Project Cars from London-based developer Slightly Mad Studios was unique in its development in that it was created on the World of Mass Development platform. With this new development platform, Slightly Mad Studios actively developed the game with community members that submitted feedback and actually helped fund the game's on-going development. While the concept of the World of Mass Development is interesting in how it incorporates community feedback and such, ultimately Project Cars must be reviewed based upon the final product.
For awhile now PC gamers haven't had many choices in regards to simulation based racing games, while consoles have had access to the Forza Motorsport and Gran Turismo series. Project Cars is described as the ultimate driver journey and a next-generation of racing simulation, which in themselves are bold comments with the standards set by the aforementioned console racing series. The core features include a wide collection of licensed vehicles ranging from US muscle and super cars to open wheel and karts. Included tracks are all real life locations that range from Nurburgring to Sonoma Raceway. Each track is split into various circuits that are spread throughout the career mode's championships.
The game's included career mode has players participating in various tiers of racing championships and signing contracts with different teams. The career mode is all about player freedom that enables gamers to begin racing straight away with indy cars or begin more modestly with karts. Career progression is handled through a race calendar that allows players to participate in different championships and racing events. Racing success provides additional endorsements from teams and more trophies to add to one's collection.
Project Cars differs from other racing games in that all cars are unlocked at the game's beginning versus having to unlock them through career progression. Digital trophies and fake social media Twitter feed in-game don't add much to show actual career progression, all of which result in little to no incentive to winning races in the game. It also doesn't help that all of the racing teams are simply generic names with none of them differentiating from each other. Player freedom is always great, but Project Cars simply doesn't provide any incentive for completing various championships in the career mode.
Fortunately, for those players interested only in the actual gameplay experience of racing cars wont be disappointed. There isn't quite anything else like the experience of driving at fast speeds and sliding around corners while being immersed inside the cockpit view. Those that wish to have the best racing experience should invest in either a gamepad or steering wheel as a keyboard and mouse don't do the game justice. Even with a gamepad, the controls take awhile to get accustomed to because of their often overly sensitive nature. Each car in the game has its own unique feel while driving around tracks that constantly provide fresh gameplay moments.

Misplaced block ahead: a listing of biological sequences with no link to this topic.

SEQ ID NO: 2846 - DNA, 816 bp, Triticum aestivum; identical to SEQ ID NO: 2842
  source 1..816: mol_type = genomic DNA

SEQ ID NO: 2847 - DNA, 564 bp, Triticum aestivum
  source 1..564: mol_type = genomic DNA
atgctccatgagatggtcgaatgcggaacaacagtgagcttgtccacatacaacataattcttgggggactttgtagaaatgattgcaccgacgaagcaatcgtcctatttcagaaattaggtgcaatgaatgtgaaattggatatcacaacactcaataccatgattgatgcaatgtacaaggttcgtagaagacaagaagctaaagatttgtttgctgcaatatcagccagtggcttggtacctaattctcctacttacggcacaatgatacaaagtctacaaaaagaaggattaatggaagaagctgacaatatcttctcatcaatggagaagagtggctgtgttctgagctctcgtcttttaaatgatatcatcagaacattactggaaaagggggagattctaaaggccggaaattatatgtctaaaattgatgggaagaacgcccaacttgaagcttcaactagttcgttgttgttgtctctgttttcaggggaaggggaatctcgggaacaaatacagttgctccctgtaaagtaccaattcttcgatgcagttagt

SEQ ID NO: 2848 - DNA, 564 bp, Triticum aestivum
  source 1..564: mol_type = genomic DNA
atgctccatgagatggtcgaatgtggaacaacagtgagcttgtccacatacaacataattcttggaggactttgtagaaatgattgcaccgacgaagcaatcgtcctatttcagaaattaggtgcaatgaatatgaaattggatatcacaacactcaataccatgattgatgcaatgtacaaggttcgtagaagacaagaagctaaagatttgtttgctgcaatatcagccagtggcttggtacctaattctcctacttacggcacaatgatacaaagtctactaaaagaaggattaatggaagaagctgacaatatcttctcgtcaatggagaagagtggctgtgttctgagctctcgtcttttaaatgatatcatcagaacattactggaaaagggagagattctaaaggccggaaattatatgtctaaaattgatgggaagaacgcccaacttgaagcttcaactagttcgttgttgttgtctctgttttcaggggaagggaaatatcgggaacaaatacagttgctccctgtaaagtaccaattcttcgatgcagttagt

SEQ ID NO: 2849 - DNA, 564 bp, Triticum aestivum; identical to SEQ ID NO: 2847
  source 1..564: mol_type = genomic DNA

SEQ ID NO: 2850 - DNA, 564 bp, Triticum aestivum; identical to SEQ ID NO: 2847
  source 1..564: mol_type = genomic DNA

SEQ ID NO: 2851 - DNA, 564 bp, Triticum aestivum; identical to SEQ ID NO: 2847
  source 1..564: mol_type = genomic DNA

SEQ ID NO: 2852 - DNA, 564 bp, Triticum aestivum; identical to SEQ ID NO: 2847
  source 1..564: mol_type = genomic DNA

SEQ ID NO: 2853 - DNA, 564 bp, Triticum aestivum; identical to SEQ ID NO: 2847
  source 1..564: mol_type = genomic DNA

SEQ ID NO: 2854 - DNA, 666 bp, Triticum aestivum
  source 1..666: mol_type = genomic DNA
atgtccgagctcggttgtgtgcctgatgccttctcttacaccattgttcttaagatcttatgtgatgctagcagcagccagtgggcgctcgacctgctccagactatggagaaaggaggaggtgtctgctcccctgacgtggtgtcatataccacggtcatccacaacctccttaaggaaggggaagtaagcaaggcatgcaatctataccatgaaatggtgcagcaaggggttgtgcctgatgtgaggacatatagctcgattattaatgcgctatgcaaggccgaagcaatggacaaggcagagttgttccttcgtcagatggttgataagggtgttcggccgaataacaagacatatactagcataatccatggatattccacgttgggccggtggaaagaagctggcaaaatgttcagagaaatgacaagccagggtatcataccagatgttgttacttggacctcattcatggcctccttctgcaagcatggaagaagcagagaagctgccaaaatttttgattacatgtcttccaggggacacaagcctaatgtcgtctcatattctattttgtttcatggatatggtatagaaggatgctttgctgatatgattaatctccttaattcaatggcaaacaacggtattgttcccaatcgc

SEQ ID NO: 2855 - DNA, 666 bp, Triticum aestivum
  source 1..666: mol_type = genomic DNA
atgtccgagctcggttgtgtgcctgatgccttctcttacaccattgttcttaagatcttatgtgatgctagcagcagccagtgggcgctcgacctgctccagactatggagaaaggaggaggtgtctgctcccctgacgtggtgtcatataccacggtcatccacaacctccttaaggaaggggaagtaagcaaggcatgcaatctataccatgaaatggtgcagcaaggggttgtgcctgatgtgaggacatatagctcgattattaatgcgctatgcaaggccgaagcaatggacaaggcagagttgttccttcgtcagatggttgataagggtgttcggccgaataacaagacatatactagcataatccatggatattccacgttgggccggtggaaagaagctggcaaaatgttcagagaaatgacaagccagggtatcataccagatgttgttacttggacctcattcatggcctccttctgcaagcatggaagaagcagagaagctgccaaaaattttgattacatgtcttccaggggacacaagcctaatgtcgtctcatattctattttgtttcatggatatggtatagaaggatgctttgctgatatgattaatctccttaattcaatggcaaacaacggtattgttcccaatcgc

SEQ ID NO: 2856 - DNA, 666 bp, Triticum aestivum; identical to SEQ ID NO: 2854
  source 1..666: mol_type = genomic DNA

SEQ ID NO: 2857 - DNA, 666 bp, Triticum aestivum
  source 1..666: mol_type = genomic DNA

Presentation wise Project Cars delivers in both its visuals and sounds. On the visual side the game continually impresses with highly detailed cars and tracks, not to mention the jaw-dropping weather conditions with the rain effects in particular. While the game's graphics are stunning, unfortunately they come at a high performance price when the weather is in effect or with races that have a lot of cars on the screen. Even with lowered graphics settings, the game maintains being a looker especially at 4K resolution. The game's auditory experience as with the graphics continually amaze as car sound effects are spectacular. Both interior and exterior views of cars during races deliver sound effects that will truly impress on high fidelity sound setups.
Racing enthusiasts are going to find a lot to like in Project Cars while those gamers looking for a similar career experience to the likes of Forza Motorport or Gran Turismo are going to be disappointed with the lackluster progression system. While it might not be the complete racing simulator that PC gamers have been waiting for, Project Cars is a solid entry in the genre with its entertaining gameplay and stunning visuals. The game's major lacking element is that of a unique character in comparison with its console counterparts. In its current state, Project Cars provides a racing sandbox at most requiring players to find their own incentives to play the game.
* The product in this article was sent to us by the developer/company.
I've been writing for Gaming Nexus since 2011 and focus primarily on PC games and hardware. I'm a strong advocate of independent developers and am always seeking the next genre-breaking and unique game release. My favorite game genres are strategy, role-playing, and massively multiplayer online, or any games that feature open worlds and survival elements. View Profile